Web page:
This all sounds very left-brain to me, and maybe it is. It’s not thrilling reading but I wanted to post something and this is top-of-mind. I can’t believe we’re going to lose Lorraine—she is irreplaceable. But I look forward to hearing what Leslie brings to the group and how we’ll change based on her talents and skills. A new Kaia, waiting to be born.


First audition in 23 years

April 26, 2009

Today I auditioned for Cardinal Stage Company. It’s a general audition for the season rather than for a particular show. I’ve been rehearsing non-stop for 6 weeks in preparation. 

I did the last 25 bars or so of Gethsemane from Jesus Christ Superstar for my song. For my monologue, I used a short piece entitled Tatiana that was written back in about 2004 by a playwright at the BPP—a playwright who neglected to put her name on the manuscript.

I worked with the lovely and talented Mr Richard Perez to go in with the best possible delivery I could within the time constraints I had. Rich is a great director—he hints at broader ideas or asks questions that lead you to a deeper understanding of the character. Many directors just focus on blocking and line delivery.

We had a breakthrough on Wednesday when I made a new connection with my character’s motivation and ended up sobbing for an hour afterwards. 🙂 I just worked on the song and the monologue lightly after that, knowing I wanted to keep that emotional connection raw.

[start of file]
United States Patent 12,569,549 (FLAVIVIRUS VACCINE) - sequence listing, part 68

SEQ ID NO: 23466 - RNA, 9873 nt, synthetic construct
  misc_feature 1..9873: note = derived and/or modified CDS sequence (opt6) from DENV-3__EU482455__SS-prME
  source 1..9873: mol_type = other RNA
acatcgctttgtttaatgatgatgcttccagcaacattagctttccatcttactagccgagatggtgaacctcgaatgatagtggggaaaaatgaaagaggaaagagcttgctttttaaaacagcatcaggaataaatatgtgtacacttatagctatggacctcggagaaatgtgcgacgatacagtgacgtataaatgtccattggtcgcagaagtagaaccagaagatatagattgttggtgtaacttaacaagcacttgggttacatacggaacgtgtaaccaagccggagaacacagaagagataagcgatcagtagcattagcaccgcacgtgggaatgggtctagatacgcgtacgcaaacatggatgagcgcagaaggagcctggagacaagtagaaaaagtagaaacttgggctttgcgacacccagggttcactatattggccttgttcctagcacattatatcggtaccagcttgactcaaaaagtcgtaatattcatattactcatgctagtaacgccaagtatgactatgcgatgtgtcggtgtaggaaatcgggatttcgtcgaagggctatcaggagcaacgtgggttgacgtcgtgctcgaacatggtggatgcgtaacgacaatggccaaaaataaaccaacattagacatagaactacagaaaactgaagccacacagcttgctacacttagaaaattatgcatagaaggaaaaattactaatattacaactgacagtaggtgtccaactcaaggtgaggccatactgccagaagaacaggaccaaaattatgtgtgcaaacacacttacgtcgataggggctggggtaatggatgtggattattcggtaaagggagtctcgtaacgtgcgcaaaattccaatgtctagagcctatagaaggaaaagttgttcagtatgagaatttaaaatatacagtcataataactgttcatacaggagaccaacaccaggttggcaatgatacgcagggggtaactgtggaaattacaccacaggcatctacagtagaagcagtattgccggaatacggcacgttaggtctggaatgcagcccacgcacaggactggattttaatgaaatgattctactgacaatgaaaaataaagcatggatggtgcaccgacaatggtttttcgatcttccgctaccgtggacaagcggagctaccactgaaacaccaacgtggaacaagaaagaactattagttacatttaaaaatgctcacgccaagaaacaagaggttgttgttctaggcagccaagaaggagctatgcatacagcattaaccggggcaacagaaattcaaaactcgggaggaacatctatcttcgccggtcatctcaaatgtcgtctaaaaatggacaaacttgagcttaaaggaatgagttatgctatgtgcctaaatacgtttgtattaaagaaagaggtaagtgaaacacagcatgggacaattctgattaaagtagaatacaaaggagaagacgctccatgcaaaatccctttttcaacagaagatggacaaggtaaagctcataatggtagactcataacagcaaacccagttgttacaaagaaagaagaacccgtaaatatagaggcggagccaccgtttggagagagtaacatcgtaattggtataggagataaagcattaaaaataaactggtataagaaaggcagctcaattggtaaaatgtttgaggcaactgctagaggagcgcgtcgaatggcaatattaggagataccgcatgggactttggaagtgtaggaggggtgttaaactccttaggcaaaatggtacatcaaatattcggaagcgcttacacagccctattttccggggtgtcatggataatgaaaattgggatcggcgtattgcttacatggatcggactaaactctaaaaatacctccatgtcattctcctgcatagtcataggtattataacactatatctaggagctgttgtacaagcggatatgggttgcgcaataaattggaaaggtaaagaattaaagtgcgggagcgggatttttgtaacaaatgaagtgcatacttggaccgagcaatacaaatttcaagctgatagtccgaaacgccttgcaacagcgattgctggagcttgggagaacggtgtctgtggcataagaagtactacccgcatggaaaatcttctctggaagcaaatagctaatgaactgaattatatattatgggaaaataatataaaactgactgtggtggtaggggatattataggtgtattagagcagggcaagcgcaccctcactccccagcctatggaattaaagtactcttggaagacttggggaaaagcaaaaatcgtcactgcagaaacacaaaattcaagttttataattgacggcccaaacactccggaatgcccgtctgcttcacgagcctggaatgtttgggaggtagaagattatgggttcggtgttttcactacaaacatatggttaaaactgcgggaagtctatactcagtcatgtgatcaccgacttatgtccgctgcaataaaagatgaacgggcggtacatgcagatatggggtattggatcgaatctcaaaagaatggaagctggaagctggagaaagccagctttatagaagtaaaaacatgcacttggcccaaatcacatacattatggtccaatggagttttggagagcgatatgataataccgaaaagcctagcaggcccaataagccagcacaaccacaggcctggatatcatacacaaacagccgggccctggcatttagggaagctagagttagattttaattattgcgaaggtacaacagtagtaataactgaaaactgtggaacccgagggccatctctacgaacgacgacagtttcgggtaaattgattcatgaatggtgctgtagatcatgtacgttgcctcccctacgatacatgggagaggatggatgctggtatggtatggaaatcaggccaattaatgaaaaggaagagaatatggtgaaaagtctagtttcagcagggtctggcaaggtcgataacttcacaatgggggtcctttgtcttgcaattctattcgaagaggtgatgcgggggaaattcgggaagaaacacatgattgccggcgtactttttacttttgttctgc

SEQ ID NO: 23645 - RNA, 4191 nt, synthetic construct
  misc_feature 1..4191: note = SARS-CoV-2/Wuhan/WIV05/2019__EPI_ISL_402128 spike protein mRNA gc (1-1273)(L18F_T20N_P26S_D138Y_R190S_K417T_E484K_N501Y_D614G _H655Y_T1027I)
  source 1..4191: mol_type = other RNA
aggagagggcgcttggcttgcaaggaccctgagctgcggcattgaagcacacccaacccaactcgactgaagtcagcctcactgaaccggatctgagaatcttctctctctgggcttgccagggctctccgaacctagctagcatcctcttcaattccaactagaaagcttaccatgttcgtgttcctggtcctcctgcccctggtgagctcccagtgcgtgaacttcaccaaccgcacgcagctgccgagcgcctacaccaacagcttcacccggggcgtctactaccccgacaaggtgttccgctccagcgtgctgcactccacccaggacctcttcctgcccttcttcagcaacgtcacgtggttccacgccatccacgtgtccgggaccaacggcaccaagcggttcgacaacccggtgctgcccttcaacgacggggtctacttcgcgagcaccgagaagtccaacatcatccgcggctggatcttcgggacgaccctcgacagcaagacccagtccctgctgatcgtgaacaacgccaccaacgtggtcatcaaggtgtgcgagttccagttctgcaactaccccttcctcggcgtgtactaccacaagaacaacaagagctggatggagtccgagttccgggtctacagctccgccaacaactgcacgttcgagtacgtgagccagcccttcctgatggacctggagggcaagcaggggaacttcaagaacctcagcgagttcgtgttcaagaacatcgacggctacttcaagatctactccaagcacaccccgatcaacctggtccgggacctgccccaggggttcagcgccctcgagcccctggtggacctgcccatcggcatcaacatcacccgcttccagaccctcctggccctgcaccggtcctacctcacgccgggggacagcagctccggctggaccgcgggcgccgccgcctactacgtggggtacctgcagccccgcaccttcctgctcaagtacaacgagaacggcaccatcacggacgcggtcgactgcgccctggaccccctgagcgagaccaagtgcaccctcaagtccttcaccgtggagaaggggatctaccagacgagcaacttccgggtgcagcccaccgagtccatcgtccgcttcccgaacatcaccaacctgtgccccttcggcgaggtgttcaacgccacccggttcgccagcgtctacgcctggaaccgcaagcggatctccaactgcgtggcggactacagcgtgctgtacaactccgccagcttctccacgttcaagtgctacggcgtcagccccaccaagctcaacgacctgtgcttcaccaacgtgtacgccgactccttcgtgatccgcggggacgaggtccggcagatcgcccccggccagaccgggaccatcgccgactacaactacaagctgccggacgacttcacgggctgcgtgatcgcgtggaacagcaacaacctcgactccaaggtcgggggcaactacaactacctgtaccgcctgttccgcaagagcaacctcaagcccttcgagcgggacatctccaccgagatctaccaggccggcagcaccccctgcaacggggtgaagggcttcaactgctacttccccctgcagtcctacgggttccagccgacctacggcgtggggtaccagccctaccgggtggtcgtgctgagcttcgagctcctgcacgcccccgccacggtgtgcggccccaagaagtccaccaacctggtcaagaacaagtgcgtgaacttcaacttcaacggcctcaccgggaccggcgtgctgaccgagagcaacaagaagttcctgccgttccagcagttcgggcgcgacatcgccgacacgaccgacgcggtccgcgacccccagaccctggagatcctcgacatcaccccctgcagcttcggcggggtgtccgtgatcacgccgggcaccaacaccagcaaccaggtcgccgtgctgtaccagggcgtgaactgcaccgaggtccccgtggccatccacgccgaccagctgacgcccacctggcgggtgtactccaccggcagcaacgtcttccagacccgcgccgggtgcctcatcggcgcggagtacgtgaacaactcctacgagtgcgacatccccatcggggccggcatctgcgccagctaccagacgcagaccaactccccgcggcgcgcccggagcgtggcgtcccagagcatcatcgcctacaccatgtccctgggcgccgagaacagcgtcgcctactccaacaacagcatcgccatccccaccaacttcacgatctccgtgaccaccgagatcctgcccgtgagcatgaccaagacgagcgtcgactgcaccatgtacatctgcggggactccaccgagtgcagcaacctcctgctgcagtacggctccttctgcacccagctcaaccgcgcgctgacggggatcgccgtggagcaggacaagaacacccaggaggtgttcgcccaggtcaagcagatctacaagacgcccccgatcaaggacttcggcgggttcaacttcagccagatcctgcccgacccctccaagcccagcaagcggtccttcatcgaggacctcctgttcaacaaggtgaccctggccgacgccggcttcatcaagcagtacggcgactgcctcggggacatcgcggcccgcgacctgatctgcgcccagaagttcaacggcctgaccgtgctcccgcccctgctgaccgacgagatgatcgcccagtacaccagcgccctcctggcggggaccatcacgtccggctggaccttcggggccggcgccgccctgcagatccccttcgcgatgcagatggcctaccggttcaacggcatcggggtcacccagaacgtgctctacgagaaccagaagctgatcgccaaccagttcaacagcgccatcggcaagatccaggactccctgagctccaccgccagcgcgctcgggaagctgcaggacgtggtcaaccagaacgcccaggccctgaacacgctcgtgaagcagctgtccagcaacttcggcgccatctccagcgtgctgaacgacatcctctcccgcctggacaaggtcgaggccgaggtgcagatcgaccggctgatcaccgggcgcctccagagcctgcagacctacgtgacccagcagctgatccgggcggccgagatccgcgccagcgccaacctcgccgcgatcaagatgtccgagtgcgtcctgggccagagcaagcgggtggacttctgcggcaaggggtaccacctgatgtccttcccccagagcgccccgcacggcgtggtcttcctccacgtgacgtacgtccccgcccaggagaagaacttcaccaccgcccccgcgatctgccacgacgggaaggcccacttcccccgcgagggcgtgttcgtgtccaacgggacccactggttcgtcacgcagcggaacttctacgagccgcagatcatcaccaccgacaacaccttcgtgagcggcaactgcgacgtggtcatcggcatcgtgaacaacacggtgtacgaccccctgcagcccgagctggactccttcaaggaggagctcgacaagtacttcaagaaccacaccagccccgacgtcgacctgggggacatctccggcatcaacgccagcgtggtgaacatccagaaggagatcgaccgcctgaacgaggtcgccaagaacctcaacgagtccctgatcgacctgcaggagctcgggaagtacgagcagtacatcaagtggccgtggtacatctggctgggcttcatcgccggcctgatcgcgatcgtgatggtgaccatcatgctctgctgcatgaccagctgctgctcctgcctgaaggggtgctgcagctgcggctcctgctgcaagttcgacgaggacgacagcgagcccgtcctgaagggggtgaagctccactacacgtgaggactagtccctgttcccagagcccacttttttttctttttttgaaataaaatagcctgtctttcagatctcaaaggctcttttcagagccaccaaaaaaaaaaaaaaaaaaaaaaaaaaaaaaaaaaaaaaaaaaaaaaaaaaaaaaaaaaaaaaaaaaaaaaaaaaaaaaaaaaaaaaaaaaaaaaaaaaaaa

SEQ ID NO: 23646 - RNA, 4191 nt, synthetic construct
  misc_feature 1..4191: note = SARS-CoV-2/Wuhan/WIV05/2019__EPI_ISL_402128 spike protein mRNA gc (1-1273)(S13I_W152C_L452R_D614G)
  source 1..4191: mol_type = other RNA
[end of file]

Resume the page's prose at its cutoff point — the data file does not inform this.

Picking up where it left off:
So of course I went in there and couldn’t establish a connection at all. If I could have paused for about seven or 89 minutes mid-monologue, it would’ve been fine! But alas, alack, and Alaska, the show must go on.

Beforehand, I kept sliding back and forth between terrible nerves and a kind of steely calm. By the time I got in I was trembling all over. Fortunately both my audition pieces are intense, so the trembling worked in my favor!

The audition panel consisted of Mike Price (in whose talent I stand in awe), Randy White (in whose artistic abilities I stand in awe) and two other Cardinal Stage official-types that I’ve seen before but could not place. There was about 5 feet between me and them. I’d been expecting just Randy and maybe one other volunteer hanging out in the audience, with me 25 feet away on stage (this was at the MCPL auditorium). Let’s amp up that tension, shall we?? 🙂 

I did fine on the vocal side of Gethsemane but didn’t communicate the message as deeply as I wanted to. The monologue was the real heartbreaker, though, since I’d been able to play through the sobbing with Rich but had nary a tear in the audition. So while my mouth and body keep going, my brain is spinning at a zillion miles an hour, saying, “Remember, Rich said to just try to re-connect with that trigger” and “Should I fake the crying?” and so forth. Not conducive to calm delivery, but this sort of thing happens all the time in live performance. I thank all the people who taught me “the show must go on” in all its forms!

Talking with BryBry today, I realized it’s been about 23 years since my first “real” audition. Previous to that I auditioned all the time for school and community theatre, but my last high-pressure audition was at the IU music school. I had made the cut to get in, but this audition was with Robert Porco, head of the choral department.